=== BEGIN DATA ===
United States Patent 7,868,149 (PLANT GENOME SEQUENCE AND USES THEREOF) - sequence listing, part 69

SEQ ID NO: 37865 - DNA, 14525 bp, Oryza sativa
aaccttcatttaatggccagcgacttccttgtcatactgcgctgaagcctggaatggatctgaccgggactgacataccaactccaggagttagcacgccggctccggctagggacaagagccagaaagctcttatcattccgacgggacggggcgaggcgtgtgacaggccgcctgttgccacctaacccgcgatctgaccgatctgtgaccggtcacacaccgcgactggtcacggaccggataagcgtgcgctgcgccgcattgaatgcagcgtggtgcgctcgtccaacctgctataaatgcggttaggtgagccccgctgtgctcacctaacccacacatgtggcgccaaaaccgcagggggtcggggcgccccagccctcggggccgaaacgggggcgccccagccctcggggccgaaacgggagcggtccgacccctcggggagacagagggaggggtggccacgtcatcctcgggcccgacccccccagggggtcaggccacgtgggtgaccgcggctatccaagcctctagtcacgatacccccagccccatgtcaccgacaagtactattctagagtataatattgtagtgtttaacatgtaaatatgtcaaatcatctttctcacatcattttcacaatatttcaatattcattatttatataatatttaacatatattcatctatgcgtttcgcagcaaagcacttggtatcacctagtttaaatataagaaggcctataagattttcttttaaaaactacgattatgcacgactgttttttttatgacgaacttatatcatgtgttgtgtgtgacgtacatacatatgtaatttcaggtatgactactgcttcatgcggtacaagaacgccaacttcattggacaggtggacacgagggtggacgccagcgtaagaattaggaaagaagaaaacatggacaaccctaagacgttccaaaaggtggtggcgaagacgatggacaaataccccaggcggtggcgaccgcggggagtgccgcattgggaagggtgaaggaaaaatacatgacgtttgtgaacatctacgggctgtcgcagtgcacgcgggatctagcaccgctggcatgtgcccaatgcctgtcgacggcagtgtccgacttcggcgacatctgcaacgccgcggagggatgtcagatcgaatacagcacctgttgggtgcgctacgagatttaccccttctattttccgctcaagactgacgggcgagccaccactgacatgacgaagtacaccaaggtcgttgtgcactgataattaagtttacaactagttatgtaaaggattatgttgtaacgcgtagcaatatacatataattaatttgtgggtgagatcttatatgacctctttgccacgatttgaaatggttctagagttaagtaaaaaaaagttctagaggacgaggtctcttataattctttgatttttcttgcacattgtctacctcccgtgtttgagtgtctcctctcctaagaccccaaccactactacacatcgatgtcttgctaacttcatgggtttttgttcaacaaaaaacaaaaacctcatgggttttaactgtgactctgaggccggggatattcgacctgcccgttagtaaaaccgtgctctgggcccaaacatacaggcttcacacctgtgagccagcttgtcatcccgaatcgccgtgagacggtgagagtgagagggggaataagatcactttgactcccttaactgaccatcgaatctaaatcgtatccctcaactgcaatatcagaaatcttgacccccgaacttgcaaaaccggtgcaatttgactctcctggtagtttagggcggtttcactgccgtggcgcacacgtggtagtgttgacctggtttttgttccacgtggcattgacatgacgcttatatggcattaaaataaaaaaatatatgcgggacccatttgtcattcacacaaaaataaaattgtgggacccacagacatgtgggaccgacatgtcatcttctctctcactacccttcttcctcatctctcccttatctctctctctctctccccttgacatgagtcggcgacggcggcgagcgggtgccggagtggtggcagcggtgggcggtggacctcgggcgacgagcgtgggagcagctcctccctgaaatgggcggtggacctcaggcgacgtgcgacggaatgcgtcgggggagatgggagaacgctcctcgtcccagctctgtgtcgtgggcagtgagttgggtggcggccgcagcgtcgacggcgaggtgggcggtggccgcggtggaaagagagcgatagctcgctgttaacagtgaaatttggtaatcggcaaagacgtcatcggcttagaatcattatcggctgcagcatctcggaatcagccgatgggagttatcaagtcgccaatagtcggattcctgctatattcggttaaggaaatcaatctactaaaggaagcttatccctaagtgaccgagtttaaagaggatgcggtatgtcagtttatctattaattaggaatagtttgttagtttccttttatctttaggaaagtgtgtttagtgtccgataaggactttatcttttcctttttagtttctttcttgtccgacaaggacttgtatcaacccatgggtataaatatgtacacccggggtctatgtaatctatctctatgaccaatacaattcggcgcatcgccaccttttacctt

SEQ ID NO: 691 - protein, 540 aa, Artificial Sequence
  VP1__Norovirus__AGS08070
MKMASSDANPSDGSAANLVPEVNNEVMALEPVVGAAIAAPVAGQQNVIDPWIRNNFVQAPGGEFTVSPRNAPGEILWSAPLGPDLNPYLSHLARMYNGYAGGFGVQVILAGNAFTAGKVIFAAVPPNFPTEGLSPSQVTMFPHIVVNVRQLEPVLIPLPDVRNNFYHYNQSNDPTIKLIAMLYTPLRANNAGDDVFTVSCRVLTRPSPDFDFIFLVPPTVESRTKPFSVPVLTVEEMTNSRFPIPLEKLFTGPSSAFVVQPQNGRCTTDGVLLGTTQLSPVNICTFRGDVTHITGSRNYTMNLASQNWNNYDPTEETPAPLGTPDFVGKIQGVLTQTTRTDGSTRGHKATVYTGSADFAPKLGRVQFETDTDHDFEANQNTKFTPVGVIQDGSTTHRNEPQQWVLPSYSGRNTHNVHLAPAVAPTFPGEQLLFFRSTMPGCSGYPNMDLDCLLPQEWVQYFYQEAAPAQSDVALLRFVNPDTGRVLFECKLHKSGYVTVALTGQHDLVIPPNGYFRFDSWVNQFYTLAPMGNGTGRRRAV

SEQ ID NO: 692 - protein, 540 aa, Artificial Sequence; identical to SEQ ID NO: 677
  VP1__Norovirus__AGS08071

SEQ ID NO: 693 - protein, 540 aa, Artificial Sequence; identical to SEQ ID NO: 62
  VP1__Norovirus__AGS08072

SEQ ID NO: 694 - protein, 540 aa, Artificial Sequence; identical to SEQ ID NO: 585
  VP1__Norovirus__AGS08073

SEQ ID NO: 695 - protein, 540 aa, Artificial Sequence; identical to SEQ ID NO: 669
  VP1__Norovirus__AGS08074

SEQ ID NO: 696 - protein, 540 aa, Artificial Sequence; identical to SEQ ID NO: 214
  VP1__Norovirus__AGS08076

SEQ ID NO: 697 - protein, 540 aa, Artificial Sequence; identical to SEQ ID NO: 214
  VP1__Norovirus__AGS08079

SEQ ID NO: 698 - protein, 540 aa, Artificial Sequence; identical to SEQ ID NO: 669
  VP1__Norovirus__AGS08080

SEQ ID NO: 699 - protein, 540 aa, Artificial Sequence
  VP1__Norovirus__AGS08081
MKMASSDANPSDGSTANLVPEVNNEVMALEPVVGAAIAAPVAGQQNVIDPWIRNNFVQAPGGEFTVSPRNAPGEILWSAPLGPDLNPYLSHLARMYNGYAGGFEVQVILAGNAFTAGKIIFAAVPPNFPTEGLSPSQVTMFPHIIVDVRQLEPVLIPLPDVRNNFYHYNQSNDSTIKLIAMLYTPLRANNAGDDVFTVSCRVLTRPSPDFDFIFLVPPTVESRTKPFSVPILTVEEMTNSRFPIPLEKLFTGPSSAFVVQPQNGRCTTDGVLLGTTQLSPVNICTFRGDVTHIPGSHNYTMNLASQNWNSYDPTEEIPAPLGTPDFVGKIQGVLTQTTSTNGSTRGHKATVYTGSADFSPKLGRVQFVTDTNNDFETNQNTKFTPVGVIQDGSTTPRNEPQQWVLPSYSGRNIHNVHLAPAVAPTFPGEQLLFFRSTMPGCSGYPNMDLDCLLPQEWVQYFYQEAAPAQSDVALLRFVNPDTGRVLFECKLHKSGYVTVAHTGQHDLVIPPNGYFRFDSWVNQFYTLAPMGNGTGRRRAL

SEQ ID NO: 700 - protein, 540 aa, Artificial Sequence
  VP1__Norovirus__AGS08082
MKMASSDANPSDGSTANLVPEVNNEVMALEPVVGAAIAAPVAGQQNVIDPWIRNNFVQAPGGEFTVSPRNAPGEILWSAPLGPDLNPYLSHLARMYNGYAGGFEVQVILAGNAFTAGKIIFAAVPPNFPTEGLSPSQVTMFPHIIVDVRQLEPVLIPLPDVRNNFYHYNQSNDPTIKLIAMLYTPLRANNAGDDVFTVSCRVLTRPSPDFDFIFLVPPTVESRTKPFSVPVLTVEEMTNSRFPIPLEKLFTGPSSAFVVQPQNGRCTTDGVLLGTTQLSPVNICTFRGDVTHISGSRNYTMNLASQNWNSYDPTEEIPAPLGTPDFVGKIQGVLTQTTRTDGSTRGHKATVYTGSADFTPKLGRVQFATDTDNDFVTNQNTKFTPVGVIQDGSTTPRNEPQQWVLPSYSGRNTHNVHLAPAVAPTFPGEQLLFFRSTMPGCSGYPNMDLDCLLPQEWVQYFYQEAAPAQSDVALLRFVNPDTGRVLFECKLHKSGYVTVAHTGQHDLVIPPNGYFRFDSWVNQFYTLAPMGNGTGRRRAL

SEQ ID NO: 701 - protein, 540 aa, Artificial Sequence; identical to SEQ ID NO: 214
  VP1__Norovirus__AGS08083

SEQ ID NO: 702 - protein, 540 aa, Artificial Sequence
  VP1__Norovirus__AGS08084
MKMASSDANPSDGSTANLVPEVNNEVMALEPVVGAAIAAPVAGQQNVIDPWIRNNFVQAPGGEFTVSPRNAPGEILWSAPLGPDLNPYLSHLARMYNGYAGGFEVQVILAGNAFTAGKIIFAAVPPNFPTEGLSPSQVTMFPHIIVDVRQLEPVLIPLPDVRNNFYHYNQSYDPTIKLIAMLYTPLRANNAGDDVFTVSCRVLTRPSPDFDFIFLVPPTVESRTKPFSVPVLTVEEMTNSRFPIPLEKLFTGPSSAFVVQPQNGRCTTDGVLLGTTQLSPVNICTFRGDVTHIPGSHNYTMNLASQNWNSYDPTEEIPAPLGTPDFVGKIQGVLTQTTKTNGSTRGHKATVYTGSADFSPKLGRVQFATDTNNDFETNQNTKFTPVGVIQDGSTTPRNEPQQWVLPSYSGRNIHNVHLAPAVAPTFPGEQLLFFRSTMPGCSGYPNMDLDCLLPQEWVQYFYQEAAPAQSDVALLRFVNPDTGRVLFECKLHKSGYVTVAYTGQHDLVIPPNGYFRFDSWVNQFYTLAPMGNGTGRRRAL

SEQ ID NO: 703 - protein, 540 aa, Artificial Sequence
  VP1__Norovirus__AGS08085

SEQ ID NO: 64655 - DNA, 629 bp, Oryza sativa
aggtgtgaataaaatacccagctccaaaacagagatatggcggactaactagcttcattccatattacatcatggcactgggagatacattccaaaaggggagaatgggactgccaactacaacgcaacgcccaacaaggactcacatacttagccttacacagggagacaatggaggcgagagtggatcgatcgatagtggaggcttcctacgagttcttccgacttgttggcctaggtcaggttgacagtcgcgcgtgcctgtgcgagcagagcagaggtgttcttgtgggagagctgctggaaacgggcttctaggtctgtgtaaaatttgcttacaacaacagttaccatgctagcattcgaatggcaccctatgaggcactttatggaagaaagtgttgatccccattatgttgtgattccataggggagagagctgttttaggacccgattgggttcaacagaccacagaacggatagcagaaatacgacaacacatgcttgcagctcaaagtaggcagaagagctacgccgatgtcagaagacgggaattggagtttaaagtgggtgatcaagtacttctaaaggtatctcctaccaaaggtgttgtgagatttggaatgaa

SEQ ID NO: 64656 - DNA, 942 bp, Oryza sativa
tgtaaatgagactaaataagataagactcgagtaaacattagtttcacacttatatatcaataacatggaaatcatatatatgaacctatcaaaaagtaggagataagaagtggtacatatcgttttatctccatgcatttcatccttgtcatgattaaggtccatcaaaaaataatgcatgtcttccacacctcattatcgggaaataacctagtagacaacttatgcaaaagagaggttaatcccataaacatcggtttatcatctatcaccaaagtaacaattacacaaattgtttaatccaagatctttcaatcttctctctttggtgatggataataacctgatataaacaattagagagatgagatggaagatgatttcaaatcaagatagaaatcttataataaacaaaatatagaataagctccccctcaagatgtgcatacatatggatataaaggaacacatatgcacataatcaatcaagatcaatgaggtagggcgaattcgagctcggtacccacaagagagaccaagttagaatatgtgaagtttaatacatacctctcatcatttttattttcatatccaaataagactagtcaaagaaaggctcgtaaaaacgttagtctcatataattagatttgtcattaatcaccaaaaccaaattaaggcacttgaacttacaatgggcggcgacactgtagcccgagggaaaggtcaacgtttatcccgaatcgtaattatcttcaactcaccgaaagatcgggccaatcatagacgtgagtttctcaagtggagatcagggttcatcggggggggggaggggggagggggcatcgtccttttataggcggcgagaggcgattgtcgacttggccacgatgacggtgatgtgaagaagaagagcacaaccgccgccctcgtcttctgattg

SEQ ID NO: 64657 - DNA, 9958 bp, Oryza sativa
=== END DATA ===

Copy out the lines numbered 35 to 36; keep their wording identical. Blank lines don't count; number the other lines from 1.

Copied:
aggtgtgaataaaatacccagctccaaaacagagatatggcggactaactagcttcattccatattacatcatggcactgggagatacattccaaaaggggagaatgggactgccaactacaacgcaacgcccaacaaggactcacatacttagccttacacagggagacaatggaggcgagagtggatcgatcgatagtggaggcttcctacgagttcttccgacttgttggcctaggtcaggttgacagtcgcgcgtgcctgtgcgagcagagcagaggtgttcttgtgggagagctgctggaaacgggcttctaggtctgtgtaaaatttgcttacaacaacagttaccatgctagcattcgaatggcaccctatgaggcactttatggaagaaagtgttgatccccattatgttgtgattccataggggagagagctgttttaggacccgattgggttcaacagaccacagaacggatagcagaaatacgacaacacatgcttgcagctcaaagtaggcagaagagctacgccgatgtcagaagacgggaattggagtttaaagtgggtgatcaagtacttctaaaggtatctcctaccaaaggtgttgtgagatttggaatgaa

SEQ ID NO: 64656 - DNA, 942 bp, Oryza sativa